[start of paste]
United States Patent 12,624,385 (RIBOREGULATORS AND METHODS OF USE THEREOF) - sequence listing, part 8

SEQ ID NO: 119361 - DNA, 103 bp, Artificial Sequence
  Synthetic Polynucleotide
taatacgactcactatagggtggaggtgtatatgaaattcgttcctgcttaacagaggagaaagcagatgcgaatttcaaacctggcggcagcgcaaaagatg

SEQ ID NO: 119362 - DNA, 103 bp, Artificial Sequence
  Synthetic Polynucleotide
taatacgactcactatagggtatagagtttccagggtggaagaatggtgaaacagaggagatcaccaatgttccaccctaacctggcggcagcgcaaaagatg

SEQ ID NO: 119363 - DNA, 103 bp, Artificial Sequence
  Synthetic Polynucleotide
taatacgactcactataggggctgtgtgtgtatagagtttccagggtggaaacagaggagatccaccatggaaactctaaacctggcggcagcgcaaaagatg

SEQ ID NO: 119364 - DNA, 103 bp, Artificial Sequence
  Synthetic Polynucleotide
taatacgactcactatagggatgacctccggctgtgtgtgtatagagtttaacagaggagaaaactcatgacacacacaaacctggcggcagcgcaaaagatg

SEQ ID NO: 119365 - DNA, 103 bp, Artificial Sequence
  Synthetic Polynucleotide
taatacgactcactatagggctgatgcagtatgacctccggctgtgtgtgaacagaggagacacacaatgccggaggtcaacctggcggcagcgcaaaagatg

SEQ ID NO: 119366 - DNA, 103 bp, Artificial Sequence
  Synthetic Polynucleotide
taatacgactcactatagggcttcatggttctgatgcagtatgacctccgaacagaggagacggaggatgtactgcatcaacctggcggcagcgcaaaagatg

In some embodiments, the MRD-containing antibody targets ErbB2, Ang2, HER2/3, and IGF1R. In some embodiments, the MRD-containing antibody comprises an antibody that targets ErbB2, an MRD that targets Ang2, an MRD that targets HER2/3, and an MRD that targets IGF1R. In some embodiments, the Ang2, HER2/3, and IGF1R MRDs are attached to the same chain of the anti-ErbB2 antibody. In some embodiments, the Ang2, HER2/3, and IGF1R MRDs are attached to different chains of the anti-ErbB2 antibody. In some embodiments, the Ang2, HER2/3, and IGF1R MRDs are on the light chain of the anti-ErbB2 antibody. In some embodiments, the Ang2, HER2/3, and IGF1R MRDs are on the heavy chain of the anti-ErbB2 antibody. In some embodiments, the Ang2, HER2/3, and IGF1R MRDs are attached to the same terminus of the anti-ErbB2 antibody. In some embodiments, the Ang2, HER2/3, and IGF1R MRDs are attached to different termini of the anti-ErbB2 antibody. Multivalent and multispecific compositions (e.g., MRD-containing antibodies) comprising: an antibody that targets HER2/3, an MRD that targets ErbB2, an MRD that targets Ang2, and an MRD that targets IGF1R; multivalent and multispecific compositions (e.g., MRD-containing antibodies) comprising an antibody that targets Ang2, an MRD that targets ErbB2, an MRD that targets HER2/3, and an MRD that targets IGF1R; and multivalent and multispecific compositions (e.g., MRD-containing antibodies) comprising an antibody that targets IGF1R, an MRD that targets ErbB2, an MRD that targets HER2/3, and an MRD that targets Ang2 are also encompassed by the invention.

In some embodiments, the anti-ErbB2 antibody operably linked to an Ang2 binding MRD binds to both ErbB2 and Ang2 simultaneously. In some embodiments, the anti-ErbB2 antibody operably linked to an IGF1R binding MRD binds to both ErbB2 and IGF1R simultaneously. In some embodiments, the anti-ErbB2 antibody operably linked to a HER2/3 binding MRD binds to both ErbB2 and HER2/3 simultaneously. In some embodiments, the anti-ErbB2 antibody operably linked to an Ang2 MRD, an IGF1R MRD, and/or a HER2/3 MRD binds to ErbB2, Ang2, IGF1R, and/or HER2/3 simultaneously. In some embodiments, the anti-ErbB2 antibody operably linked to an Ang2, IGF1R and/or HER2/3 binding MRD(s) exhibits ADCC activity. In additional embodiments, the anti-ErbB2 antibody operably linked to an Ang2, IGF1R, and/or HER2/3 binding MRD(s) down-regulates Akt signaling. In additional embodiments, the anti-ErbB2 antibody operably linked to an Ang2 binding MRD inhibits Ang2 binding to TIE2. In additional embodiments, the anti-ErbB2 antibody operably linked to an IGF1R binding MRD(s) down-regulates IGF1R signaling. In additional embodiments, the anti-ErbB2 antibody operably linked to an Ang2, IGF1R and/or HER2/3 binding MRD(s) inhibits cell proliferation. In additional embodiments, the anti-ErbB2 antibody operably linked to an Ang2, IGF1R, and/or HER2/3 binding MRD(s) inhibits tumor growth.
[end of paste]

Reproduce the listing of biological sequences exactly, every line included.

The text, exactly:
United States Patent 12,624,385 (RIBOREGULATORS AND METHODS OF USE THEREOF) - sequence listing, part 8

SEQ ID NO: 119361 - DNA, 103 bp, Artificial Sequence
  Synthetic Polynucleotide
taatacgactcactatagggtggaggtgtatatgaaattcgttcctgcttaacagaggagaaagcagatgcgaatttcaaacctggcggcagcgcaaaagatg

SEQ ID NO: 119362 - DNA, 103 bp, Artificial Sequence
  Synthetic Polynucleotide
taatacgactcactatagggtatagagtttccagggtggaagaatggtgaaacagaggagatcaccaatgttccaccctaacctggcggcagcgcaaaagatg

SEQ ID NO: 119363 - DNA, 103 bp, Artificial Sequence
  Synthetic Polynucleotide
taatacgactcactataggggctgtgtgtgtatagagtttccagggtggaaacagaggagatccaccatggaaactctaaacctggcggcagcgcaaaagatg

SEQ ID NO: 119364 - DNA, 103 bp, Artificial Sequence
  Synthetic Polynucleotide
taatacgactcactatagggatgacctccggctgtgtgtgtatagagtttaacagaggagaaaactcatgacacacacaaacctggcggcagcgcaaaagatg

SEQ ID NO: 119365 - DNA, 103 bp, Artificial Sequence
  Synthetic Polynucleotide
taatacgactcactatagggctgatgcagtatgacctccggctgtgtgtgaacagaggagacacacaatgccggaggtcaacctggcggcagcgcaaaagatg

SEQ ID NO: 119366 - DNA, 103 bp, Artificial Sequence
  Synthetic Polynucleotide
taatacgactcactatagggcttcatggttctgatgcagtatgacctccgaacagaggagacggaggatgtactgcatcaacctggcggcagcgcaaaagatg

In some embodiments, the MRD-containing antibody targets ErbB2, Ang2, HER2/3, and IGF1R. In some embodiments, the MRD-containing antibody comprises an antibody that targets ErbB2, an MRD that targets Ang2, an MRD that targets HER2/3, and an MRD that targets IGF1R. In some embodiments, the Ang2, HER2/3, and IGF1R MRDs are attached to the same chain of the anti-ErbB2 antibody. In some embodiments, the Ang2, HER2/3, and IGF1R MRDs are attached to different chains of the anti-ErbB2 antibody. In some embodiments, the Ang2, HER2/3, and IGF1R MRDs are on the light chain of the anti-ErbB2 antibody. In some embodiments, the Ang2, HER2/3, and IGF1R MRDs are on the heavy chain of the anti-ErbB2 antibody. In some embodiments, the Ang2, HER2/3, and IGF1R MRDs are attached to the same terminus of the anti-ErbB2 antibody. In some embodiments, the Ang2, HER2/3, and IGF1R MRDs are attached to different termini of the anti-ErbB2 antibody. Multivalent and multispecific compositions (e.g., MRD-containing antibodies) comprising: an antibody that targets HER2/3, an MRD that targets ErbB2, an MRD that targets Ang2, and an MRD that targets IGF1R; multivalent and multispecific compositions (e.g., MRD-containing antibodies) comprising an antibody that targets Ang2, an MRD that targets ErbB2, an MRD that targets HER2/3, and an MRD that targets IGF1R; and multivalent and multispecific compositions (e.g., MRD-containing antibodies) comprising an antibody that targets IGF1R, an MRD that targets ErbB2, an MRD that targets HER2/3, and an MRD that targets Ang2 are also encompassed by the invention.

In some embodiments, the anti-ErbB2 antibody operably linked to an Ang2 binding MRD binds to both ErbB2 and Ang2 simultaneously. In some embodiments, the anti-ErbB2 antibody operably linked to an IGF1R binding MRD binds to both ErbB2 and IGF1R simultaneously. In some embodiments, the anti-ErbB2 antibody operably linked to a HER2/3 binding MRD binds to both ErbB2 and HER2/3 simultaneously. In some embodiments, the anti-ErbB2 antibody operably linked to an Ang2 MRD, an IGF1R MRD, and/or a HER2/3 MRD binds to ErbB2, Ang2, IGF1R, and/or HER2/3 simultaneously. In some embodiments, the anti-ErbB2 antibody operably linked to an Ang2, IGF1R and/or HER2/3 binding MRD(s) exhibits ADCC activity. In additional embodiments, the anti-ErbB2 antibody operably linked to an Ang2, IGF1R, and/or HER2/3 binding MRD(s) down-regulates Akt signaling. In additional embodiments, the anti-ErbB2 antibody operably linked to an Ang2 binding MRD inhibits Ang2 binding to TIE2. In additional embodiments, the anti-ErbB2 antibody operably linked to an IGF1R binding MRD(s) down-regulates IGF1R signaling. In additional embodiments, the anti-ErbB2 antibody operably linked to an Ang2, IGF1R and/or HER2/3 binding MRD(s) inhibits cell proliferation. In additional embodiments, the anti-ErbB2 antibody operably linked to an Ang2, IGF1R, and/or HER2/3 binding MRD(s) inhibits tumor growth.